Companies like Mattel and Hasbro (HAS) have a lot of capital backing them and the ability to infiltrate the media and get huge shelf space in stores.
"Those are all the things they automatically have and we have to fight for," Gunther Shugeman said. "We don't have the same kind of capital and leverage with the buyers, but I will say we've been fortunate. Every retailer we met with recognized how special they are. "
"They love the fact that there is a whole entertainment behind it. Kids today need to be engaged on multiple levels to get emotionally attached to a brand," she said.
|Prettie Girls! launched in October 2013 to combat the lack of multicultural dolls in the market.|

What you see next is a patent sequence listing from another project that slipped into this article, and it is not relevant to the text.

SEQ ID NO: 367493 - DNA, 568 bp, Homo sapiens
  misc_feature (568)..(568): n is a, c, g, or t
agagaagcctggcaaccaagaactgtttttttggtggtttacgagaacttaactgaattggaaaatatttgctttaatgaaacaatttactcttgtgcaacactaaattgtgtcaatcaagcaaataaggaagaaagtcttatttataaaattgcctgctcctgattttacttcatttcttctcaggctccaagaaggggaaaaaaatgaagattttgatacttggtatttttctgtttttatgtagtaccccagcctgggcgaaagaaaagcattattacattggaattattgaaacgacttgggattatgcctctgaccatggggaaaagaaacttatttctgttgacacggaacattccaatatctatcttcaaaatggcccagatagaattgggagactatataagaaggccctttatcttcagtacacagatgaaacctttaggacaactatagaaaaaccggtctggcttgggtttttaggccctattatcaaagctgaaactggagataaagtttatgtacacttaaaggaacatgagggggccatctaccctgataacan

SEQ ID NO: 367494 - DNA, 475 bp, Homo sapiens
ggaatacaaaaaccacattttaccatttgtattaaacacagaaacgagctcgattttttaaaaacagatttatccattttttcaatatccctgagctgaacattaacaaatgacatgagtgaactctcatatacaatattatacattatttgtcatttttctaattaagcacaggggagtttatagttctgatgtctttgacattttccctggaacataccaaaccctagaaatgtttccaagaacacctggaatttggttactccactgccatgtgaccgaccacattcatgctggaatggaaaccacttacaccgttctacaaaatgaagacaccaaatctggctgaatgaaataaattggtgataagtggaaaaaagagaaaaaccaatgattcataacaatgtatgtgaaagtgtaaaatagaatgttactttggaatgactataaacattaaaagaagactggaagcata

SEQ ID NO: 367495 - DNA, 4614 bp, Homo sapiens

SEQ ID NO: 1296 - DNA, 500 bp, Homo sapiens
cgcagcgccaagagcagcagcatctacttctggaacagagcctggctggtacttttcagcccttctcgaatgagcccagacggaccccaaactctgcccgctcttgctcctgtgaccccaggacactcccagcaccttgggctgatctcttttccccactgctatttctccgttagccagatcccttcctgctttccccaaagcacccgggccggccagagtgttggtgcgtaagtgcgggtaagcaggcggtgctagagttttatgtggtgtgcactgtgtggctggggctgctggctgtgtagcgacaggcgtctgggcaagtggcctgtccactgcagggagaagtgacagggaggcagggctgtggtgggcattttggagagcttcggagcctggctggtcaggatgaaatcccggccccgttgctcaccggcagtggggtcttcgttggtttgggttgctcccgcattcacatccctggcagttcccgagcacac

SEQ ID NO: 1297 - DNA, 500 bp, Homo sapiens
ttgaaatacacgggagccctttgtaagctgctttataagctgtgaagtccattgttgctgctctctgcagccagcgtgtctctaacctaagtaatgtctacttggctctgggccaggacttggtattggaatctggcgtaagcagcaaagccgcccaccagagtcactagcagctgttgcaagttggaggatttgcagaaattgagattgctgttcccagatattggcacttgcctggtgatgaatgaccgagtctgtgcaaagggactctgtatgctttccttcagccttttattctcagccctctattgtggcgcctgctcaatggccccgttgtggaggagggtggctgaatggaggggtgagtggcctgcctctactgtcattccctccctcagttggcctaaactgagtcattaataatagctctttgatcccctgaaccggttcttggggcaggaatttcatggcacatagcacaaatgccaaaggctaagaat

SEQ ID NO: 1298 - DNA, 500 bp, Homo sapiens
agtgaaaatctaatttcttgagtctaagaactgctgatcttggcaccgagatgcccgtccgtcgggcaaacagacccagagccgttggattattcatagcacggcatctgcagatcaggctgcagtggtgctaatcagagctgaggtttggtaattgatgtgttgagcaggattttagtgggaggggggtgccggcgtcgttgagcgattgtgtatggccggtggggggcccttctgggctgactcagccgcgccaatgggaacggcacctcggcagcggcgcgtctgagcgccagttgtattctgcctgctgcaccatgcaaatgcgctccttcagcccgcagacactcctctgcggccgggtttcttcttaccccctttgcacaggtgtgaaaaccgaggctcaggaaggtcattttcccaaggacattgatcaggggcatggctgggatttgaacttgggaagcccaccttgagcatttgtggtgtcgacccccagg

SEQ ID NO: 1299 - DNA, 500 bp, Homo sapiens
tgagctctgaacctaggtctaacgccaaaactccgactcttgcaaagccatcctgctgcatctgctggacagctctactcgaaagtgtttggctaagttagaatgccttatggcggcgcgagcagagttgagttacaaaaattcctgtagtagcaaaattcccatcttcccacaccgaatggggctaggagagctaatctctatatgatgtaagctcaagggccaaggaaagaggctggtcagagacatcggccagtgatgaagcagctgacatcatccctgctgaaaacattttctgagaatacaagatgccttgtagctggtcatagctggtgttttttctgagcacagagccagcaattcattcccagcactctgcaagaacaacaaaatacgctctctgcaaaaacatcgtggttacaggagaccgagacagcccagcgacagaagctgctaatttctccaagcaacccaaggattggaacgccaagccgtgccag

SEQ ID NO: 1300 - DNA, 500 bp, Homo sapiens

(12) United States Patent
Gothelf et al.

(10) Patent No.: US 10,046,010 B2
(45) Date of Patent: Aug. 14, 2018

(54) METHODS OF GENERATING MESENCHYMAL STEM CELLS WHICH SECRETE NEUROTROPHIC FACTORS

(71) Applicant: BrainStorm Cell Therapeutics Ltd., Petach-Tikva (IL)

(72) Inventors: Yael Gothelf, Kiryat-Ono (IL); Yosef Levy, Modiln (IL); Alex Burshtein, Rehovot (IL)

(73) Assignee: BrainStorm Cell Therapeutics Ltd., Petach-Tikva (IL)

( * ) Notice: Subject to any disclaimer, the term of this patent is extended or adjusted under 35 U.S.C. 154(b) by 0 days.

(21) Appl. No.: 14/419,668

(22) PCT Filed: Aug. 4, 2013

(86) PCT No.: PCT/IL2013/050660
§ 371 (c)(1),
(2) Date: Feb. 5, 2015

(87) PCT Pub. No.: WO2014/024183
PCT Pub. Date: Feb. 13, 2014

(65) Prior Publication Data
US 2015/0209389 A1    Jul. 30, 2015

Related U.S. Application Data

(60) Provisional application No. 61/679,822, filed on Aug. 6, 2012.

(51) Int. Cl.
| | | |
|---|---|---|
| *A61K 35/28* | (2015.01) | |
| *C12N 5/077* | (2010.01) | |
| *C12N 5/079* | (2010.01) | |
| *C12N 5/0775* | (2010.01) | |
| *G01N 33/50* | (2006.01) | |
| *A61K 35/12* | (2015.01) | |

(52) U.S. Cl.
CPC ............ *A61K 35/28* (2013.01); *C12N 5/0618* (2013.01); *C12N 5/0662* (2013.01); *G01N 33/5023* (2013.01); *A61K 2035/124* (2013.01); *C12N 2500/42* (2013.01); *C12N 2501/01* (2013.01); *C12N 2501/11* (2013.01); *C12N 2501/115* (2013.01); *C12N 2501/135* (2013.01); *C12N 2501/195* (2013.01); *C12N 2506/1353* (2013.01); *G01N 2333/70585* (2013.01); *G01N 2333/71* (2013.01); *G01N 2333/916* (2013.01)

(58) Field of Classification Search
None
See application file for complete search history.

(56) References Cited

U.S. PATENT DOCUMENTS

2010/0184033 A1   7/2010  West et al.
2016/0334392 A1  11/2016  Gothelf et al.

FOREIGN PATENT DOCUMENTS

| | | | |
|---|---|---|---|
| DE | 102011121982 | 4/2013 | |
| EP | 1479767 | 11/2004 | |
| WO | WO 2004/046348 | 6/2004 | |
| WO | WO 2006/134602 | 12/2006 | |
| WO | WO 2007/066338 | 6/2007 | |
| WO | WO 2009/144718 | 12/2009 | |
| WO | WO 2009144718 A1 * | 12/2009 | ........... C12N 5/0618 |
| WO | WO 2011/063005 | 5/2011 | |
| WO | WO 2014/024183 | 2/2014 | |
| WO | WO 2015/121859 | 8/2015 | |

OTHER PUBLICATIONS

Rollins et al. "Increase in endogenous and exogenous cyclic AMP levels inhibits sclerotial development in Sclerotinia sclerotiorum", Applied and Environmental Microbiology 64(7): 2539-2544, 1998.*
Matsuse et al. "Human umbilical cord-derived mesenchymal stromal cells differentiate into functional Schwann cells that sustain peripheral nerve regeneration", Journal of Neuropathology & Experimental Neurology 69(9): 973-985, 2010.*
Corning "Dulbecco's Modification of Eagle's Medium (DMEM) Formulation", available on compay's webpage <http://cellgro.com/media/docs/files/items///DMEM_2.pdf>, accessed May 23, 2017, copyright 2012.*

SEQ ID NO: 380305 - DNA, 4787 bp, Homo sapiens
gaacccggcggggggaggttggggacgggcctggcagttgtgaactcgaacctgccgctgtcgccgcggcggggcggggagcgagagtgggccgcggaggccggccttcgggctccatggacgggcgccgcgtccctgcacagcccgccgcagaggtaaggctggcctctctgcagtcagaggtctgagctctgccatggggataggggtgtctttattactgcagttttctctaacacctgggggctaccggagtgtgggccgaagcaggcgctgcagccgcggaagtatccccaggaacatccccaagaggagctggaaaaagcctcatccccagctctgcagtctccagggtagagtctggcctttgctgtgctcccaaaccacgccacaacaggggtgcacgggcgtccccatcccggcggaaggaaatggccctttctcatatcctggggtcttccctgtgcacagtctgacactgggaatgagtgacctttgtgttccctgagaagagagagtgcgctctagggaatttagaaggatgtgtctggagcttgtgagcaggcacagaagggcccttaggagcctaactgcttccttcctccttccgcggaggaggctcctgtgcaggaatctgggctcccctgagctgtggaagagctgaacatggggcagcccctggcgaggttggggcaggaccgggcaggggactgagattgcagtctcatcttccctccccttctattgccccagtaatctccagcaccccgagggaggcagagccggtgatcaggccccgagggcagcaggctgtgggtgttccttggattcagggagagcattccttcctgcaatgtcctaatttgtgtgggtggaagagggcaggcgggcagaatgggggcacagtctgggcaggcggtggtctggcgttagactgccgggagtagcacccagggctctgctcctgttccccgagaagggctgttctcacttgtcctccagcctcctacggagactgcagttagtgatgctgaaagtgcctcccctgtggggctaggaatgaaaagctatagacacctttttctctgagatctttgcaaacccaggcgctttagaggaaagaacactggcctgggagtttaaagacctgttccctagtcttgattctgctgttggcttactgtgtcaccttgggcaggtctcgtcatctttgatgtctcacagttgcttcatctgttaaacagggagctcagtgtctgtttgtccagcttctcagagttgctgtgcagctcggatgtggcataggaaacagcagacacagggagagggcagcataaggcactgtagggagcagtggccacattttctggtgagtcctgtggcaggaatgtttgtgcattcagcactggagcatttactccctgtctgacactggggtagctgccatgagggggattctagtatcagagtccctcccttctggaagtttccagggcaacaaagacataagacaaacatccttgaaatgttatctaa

Trent Daniel, founder of TheOne World Doll Project, a subsidiary of One World Holdings, is taking a more focused approach to marketing and distributing his new multi-cultural doll line, The Prettie Girls!Daniel saw an opportunity in the marketplace to create the ethnically diverse dolls, because he said there is a lack of quality-made multi-cultural dolls. "The first thing was the quality," Daniel said. "We needed people to know this was a quality doll -- especially in the collectors market, but also in the retail market place." One World Doll Project partnered with designer Stacey McBride-Irby, who formerly designed for Barbie for 15 years to create the concepts. The line will eventually feature five ethnically diverse dolls and one collector's specific doll, the Cynthia Bailey Prettie Girls Collector Doll, inspired from the reality-TV star on Bravo Network's Real Housewives of Atlanta. Its first doll, Lema, of African-American ethnicity, launched in October. Next up will be Valencia, who is Latina. The rest of the dolls, including Kimani, who is African, Dahlia, who is South Asian, and Alexie (Caucasian), will launch in early 2014. "We really wanted to make sure there was an underlying message of empowerment for young girls but we didn't want the message to be the overshadowing factor. We wanted the dolls to be fun toys that little girls want to play with," Daniel said. One World Doll Project has partnered with Doll Genie and two other collector's Web sites to sell the dolls. It also plans to sell the dolls on Amazon. But so far the company isn't selling them in the mass market. "There has been a shift in the last several years towards online retail, especially when you talk about non-white dolls. The availability [in stores] just hasn't been there. We're finding that a lot of people are going online and looking for these dolls," Daniel said. "Within the first seven days of launching, [we picked up] three [online] distribution deals because the demand is there." "We've been getting amazing reviews from the collectors' market. Kids are pretty simple to please: Is it fun? Does it look good? Parents' really love the positive message behind each one of our dolls. We really wanted all of our dolls to have depth and character," Daniel said. The brand will be supporting the distribution with marketing and advertising in core market-specific areas followed only then by more mainstream marketing. "We know our core markets and it is women of color," he said. "We are very selective and focused on our brand. We're not just running out and looking to throw our dolls on whatever Web site there is. It's not all about just getting on TV or the radio or this Web site." So far sales are going better than expected. Daniel expects the initial inventory to be sold out by Dec. 15. The plan then is to ramp up production of all the dolls and "make them a hot sell for Christmas 2014," he said. -- Written by Laurie Kulikowski in New York. Follow @LKulikowski